By Behnam Gholipour
The arrest of a local politician who spoke out about the imprisonment of two Baha’i environmental activists has prompted a wave of public support on social media.
On September 25, Shiraz City councillor Mehdi Hajati tweeted: “For the past 10 days I have knocked on every door to secure the release of my two Baha’i friends but I have gotten nowhere. As long as we have to stand up against foreign enemies, our generation is duty-bound to do its best to reform our judicial ways and other things that endanger social justice.”
The tweet led to his arrest within two days. On the afternoon of Thursday, September 27, security agents arrested Hajati on the charge of “supporting Baha’ism.” The public’s response, going on to Twitter to express support for both Hajati’s decision to speak out and for the rights of the Baha’is — may have caught the government off guard.
On September 15 and 16, the Intelligence Ministry detained six environmental activists in Shiraz, the latest in a series of arrests of environmentalists this year. The detained are likely to face further injustice because they are from Iran’s Baha’i community.
In the 40 years since the 1979 revolution, the Islamic Republic has extensively persecuted the Baha’is and violated their rights. The regime has also persistently tried to sell its view, and justify its treatment, of the Baha’is to the Iranian people. And yet the news of Hajati’s arrest has led to unprecedented and widespread criticism and protests on social networks, evidence that the tide of public opinion is starting to turn. [All tweets are in Persian.]
“The crime of Mehdi Hajati is to support the rights of all citizens, regardless of their religious beliefs,” tweeted one Iranian, Saeed Naimi. “He has challenged the strategy of ‘us’ versus ‘them’.”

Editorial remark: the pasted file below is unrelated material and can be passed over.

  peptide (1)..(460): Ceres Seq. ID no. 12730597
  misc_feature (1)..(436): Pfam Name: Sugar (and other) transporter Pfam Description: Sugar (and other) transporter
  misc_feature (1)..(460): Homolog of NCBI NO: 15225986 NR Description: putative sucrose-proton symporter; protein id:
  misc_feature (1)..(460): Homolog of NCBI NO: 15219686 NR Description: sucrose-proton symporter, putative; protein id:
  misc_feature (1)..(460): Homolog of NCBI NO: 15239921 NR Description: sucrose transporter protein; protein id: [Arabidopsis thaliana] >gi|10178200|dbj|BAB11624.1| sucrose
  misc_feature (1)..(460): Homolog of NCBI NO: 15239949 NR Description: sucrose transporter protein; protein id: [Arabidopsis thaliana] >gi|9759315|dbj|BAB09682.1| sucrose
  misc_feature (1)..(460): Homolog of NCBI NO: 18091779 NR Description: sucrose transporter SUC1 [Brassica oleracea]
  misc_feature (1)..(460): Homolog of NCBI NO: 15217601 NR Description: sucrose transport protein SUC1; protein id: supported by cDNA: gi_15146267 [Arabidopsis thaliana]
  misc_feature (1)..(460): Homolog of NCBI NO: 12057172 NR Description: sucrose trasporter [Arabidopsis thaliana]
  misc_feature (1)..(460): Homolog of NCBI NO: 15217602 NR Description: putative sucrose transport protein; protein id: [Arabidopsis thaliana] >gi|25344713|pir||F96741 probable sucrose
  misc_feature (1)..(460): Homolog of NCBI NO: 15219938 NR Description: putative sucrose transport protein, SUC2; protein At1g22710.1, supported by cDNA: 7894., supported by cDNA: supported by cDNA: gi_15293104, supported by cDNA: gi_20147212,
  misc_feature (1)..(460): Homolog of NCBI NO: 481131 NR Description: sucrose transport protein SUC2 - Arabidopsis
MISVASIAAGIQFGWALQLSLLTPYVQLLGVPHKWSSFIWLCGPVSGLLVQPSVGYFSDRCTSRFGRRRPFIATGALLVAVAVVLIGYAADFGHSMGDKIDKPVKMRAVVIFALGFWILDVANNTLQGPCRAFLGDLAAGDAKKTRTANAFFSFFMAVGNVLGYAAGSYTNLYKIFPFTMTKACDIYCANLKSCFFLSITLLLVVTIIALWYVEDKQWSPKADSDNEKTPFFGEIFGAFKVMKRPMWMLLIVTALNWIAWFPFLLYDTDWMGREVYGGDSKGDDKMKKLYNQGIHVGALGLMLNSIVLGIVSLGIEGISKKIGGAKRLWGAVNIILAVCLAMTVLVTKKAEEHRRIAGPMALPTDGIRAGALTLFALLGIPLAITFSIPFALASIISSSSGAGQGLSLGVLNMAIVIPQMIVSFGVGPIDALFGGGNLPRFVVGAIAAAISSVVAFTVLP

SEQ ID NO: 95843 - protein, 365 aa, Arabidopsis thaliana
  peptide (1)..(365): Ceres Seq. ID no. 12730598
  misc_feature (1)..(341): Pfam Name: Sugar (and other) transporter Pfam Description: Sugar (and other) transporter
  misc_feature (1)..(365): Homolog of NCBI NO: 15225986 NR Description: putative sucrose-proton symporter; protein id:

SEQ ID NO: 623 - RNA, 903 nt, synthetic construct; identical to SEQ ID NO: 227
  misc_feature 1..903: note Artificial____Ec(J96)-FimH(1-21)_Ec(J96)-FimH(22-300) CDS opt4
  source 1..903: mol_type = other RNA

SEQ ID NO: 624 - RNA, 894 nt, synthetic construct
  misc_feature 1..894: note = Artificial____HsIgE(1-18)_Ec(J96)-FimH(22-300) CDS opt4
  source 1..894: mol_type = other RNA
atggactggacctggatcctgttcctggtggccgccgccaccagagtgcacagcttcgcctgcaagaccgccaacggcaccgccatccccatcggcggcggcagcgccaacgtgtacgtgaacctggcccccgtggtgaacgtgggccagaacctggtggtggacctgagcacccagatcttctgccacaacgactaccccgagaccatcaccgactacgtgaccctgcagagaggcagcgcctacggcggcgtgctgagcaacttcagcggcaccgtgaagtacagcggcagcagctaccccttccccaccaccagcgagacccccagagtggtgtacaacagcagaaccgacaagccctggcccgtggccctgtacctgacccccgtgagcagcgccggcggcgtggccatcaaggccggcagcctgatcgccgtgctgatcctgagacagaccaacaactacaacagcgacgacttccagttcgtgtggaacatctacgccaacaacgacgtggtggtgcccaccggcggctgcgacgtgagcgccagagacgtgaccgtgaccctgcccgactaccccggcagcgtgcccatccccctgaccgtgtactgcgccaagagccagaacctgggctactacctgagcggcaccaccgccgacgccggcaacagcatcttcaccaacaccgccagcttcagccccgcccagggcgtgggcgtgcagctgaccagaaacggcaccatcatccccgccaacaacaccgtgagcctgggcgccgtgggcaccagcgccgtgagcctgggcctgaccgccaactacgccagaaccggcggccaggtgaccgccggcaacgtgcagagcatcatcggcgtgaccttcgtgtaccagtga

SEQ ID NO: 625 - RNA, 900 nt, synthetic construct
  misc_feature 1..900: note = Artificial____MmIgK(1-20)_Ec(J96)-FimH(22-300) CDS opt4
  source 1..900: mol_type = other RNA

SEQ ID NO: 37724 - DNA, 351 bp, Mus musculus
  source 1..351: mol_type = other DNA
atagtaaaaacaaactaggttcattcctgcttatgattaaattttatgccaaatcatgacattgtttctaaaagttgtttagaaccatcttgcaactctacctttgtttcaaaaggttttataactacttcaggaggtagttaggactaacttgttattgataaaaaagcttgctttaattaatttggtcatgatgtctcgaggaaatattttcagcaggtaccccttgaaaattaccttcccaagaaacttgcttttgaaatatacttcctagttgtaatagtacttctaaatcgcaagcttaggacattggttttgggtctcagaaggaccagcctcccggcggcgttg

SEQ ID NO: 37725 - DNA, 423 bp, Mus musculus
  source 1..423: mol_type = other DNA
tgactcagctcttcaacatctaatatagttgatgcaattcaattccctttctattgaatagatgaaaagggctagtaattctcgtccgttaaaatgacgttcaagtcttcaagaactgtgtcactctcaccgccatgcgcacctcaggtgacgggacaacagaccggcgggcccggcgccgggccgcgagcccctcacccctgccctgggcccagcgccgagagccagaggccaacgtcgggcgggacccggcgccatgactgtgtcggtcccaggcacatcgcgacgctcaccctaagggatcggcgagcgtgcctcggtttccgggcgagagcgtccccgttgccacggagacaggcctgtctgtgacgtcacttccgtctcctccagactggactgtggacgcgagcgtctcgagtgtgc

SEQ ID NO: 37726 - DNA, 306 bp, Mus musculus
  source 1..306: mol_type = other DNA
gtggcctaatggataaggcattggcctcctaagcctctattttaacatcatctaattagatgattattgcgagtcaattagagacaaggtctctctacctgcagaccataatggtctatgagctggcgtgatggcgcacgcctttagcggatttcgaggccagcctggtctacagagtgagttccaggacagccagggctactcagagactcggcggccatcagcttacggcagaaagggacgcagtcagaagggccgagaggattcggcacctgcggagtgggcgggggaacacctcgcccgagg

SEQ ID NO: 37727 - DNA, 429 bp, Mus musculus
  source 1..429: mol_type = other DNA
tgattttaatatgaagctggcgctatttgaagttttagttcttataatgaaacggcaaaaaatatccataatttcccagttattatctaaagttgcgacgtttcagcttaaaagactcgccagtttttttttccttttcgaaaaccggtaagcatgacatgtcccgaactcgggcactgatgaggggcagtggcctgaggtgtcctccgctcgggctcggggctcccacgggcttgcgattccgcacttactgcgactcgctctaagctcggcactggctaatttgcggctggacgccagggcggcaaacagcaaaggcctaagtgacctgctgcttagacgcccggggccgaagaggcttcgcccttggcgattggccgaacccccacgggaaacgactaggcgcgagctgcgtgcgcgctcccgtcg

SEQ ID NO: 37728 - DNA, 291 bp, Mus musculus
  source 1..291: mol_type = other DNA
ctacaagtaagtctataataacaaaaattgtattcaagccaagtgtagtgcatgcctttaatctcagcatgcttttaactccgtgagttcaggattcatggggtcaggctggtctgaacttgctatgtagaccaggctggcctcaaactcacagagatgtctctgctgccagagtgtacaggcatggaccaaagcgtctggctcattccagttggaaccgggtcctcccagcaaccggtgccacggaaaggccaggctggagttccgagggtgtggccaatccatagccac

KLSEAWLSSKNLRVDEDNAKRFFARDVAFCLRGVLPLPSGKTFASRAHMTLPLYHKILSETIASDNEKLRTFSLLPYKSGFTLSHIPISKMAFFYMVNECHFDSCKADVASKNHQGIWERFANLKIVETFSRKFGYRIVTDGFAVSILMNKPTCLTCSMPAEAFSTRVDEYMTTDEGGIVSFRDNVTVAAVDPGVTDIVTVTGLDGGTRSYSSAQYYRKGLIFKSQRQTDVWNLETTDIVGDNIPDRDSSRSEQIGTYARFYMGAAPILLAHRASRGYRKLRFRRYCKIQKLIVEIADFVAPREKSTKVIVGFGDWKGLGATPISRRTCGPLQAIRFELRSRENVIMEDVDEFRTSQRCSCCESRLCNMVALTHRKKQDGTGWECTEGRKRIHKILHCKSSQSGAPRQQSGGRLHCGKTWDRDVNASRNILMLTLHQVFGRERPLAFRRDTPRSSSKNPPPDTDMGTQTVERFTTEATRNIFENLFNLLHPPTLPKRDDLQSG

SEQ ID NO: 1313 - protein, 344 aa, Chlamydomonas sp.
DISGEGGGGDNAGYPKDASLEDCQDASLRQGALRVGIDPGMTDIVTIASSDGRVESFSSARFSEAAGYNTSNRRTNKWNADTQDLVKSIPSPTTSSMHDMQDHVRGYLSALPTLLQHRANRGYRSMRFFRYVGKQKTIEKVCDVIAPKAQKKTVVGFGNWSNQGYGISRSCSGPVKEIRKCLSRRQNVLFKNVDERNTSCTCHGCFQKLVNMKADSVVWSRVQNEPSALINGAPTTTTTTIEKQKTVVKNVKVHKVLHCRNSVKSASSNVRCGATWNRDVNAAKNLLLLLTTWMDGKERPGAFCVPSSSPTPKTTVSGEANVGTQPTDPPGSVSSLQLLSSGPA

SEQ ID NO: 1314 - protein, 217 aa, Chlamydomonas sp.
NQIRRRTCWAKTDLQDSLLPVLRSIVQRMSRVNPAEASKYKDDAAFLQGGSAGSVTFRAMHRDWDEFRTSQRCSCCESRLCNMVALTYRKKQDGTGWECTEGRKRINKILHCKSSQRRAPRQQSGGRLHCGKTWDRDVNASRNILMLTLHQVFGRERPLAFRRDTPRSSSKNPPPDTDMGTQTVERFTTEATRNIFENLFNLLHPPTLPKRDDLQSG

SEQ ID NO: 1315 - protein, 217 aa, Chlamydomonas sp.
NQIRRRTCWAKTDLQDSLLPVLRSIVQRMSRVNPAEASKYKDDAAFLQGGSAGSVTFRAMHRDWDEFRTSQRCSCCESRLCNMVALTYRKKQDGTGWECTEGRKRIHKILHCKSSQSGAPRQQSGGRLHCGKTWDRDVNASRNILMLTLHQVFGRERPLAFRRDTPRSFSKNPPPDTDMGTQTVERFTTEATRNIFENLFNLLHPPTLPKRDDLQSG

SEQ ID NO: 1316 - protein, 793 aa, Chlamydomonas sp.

“Mr. Hajati’s tweet was humane and just,” tweeted another, Abbas Abdi. “The demand for the due process of law for each Iranian individual has more to do with defending the country and the law than defending only two individuals.”
“Mehdi Hajati is an honorable man who understands what it means to be a human being,” tweeted Ali Farrokhi. “He understands that Baha’is are his fellow human beings. He looked at life regardless of nationality, religion and race. He did not stay silent and now he is in prison!”
Majid Jokar called Mehdi Hajati “a courageous, noble and honorable representative” who “has been arrested for his honorable defense of the civil rights of the people of Shiraz.”
“I found it so strange that an official in the Islamic Republic would defend the rights of the Baha’is that I had to go to Twitter quickly to see whether it was true or not,” tweeted Shakib Nasrollah. “Now, as God is my witness, I have seen everything!”
“There have been very few officials of the Islamic Republic who have listened to the problems of the Baha’is and even fewer who have tried to help them,” wrote Shahi Milani. “Those who, like Mehdi Hajati, have publicly supported the Baha’is are really few. I praise his humanity and his courage.”
“Mehdi Hajati, representative to Shiraz City Council, has been arrested and his Twitter account has been blocked for supporting the rights of the Baha’is,” tweeted Mostafa Siamak. “We must not allow these lonely voices inside the country to be silenced.”
“Fighting against discrimination is not the same as promoting Baha’ism,” tweeted Ramin Madarshahian. “Iran is for all Iranians and the Baha’is, the Muslims, the Christians and even the atheists have equal rights as long as they are Iranians.”
“The charge of supporting Baha’ism against Mehdi Hajati, member of Shiraz City Council, is ridiculous,” tweeted Ali Kalaei. “Hajati supported the rights of two Iranian citizens and the right to the due process of law. We are all Iranians, regardless of our religion and our beliefs. The constitution applies to all Iranians, regardless of their faith.”
These tweets are only a small sample of the flood of support for the Bahai’s, Hajati, and the wider issue of rights for all Iranians, regardless of their religious affiliation. Unsurprisingly, religious zealots launched a counterattack in line with the wishes of the ruling clergy of the Islamic Republic, lashing out against both the Baha’is and Mehdi Hajati. These attacks repeat the usual claims and charges against the minority religious community, demanding that action be taken. Nevertheless, in recent years many faithful Shia Muslims in Iran have expressed their belief that authorities treat Baha’is unjustly and that discrimination and injustice against minority religions and ethnic groups in the country must end.